Deciding where to place limit orders on the passive side of the order book is a fundamental question in algorithmic execution. The reasoning is that orders placed deeper into the book offer price improvement (if taken by an impatient trader) and/or time priority improvement (through being near the front of the queue at that price level should the prices move in that direction). This is the barrier diffusion problem: with the best price diffusing through various price levels through Brownian motion, what is the likelihood of it hitting the barrier of a particular limit order?

Naturally this probability will vary with expected price direction: when buying, there is little benefit in placing orders away from the best bid if the price is rising strongly; but the opposite is true when the price is falling, as illustrated below.

Hasbrouck gives a solution to the barrier diffusion model in *Empirical Market Microstructure* [1]. As often happens in q, the initial expression for the probability of filling is trivial:

/ x depth offset from best price / y price trend over period / z price volatility over period pfill: {(1 - gausscdf (y + x) % z) + (exp neg (2 * x * y) % z * z) * gausscdf (y - x) % z}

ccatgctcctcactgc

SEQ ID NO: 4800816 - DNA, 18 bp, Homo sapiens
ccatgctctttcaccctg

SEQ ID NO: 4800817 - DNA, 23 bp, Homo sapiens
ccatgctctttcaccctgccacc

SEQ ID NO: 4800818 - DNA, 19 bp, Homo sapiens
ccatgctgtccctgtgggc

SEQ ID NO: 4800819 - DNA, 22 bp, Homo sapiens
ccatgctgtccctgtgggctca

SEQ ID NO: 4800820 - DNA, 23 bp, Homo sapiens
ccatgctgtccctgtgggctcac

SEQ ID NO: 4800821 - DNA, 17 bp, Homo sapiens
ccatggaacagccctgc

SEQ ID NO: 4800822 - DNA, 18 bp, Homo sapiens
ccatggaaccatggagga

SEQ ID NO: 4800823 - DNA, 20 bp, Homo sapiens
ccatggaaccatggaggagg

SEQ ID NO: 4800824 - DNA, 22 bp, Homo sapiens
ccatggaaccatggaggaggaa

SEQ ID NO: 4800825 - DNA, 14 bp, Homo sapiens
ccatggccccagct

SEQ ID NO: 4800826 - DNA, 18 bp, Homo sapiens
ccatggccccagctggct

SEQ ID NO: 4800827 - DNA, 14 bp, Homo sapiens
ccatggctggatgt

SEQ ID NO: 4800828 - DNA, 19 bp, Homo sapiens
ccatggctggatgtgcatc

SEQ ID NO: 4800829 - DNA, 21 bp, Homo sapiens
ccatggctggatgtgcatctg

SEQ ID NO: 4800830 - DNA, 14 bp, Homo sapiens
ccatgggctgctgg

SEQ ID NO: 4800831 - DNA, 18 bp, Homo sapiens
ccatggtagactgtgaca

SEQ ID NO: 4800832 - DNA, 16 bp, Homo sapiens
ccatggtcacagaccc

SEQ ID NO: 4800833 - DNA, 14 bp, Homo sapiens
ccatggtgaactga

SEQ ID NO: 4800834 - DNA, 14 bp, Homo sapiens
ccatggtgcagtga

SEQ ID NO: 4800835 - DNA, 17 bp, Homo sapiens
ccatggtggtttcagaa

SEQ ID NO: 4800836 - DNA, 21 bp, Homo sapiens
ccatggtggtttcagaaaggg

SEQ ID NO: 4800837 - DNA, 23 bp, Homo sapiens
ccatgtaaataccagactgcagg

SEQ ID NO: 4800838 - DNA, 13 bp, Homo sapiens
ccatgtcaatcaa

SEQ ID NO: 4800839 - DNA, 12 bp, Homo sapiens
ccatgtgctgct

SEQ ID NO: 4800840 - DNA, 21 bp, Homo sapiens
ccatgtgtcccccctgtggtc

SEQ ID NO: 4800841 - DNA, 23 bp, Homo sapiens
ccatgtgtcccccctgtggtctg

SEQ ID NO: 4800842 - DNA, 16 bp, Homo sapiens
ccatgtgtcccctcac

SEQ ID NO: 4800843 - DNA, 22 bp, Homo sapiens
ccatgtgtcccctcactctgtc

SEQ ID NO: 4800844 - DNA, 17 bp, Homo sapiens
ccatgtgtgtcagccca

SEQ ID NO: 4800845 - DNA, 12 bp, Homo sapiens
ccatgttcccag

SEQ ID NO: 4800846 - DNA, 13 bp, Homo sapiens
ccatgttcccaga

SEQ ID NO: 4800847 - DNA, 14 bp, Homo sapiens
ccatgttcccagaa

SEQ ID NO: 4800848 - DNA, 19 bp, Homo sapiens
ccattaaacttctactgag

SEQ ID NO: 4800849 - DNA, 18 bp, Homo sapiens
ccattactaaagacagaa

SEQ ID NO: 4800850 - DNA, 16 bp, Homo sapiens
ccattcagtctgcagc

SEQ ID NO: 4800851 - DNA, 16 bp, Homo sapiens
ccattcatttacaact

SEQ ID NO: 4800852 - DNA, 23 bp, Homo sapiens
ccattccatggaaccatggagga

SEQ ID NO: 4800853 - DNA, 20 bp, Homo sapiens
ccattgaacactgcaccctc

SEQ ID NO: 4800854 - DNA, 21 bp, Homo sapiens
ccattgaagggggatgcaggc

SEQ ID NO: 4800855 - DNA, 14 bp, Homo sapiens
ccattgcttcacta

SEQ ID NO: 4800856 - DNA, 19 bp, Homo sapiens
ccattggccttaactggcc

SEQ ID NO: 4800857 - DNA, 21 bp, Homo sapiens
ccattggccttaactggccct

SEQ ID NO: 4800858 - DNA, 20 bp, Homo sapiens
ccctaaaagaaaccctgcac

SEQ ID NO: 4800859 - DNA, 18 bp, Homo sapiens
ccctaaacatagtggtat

kdb+ does not have an extensive range of maths and statistics functions, so the Gaussian cumulative distribution function will need to be written. The following is a simple sum of series approach but it does lend itself to q's vector arithmetic.

gausscdf: {$[x < 0; 1 - gausscdf abs x; 0.5 * 1 + erf x % SQRT2]} erf:{ negate: x < 0; if [negate; x: neg x]; result: 0f; if [x > 0; result: 1f & (2 * x % SQRTPI) * 1 + sum prds (neg x * x) * ERF;]; $[negate; neg result; result] } / Some constants SQRT2: sqrt 2; PI: acos -1; SQRTPI: sqrt PI / The terms for the Gaussian error function, precise to seven decimal places. ERF: {(0.5 + x) % (1 + x) * 1.5 + x} til 42

Although simple, it still performs well: on a laptop `pfill`

can run 80,000 times per second.

*Postscript*. A collection of quantitative functions can be downloaded. These include the error function and the Gaussian distribution.

Imagining an order book with a price volatility of 2 over the trading period and tick size of 0.5. Create a range of ticks and price changes then run the model over that range, inserting the probabilities into a table:

ticks: (til 20) * 0.5 prices: (til 9) - 4 data: ([] depth: (); price: (); p: ()) {{`data insert (y; x; pfill [y; x; 2])}[x] each ticks} each prices

Then plot the results table in a package such as R to give the chart shown above.

1. | Joel Hasbrouck, Empirical Market Microstructure, 2007
| |

2. | www.kx.com |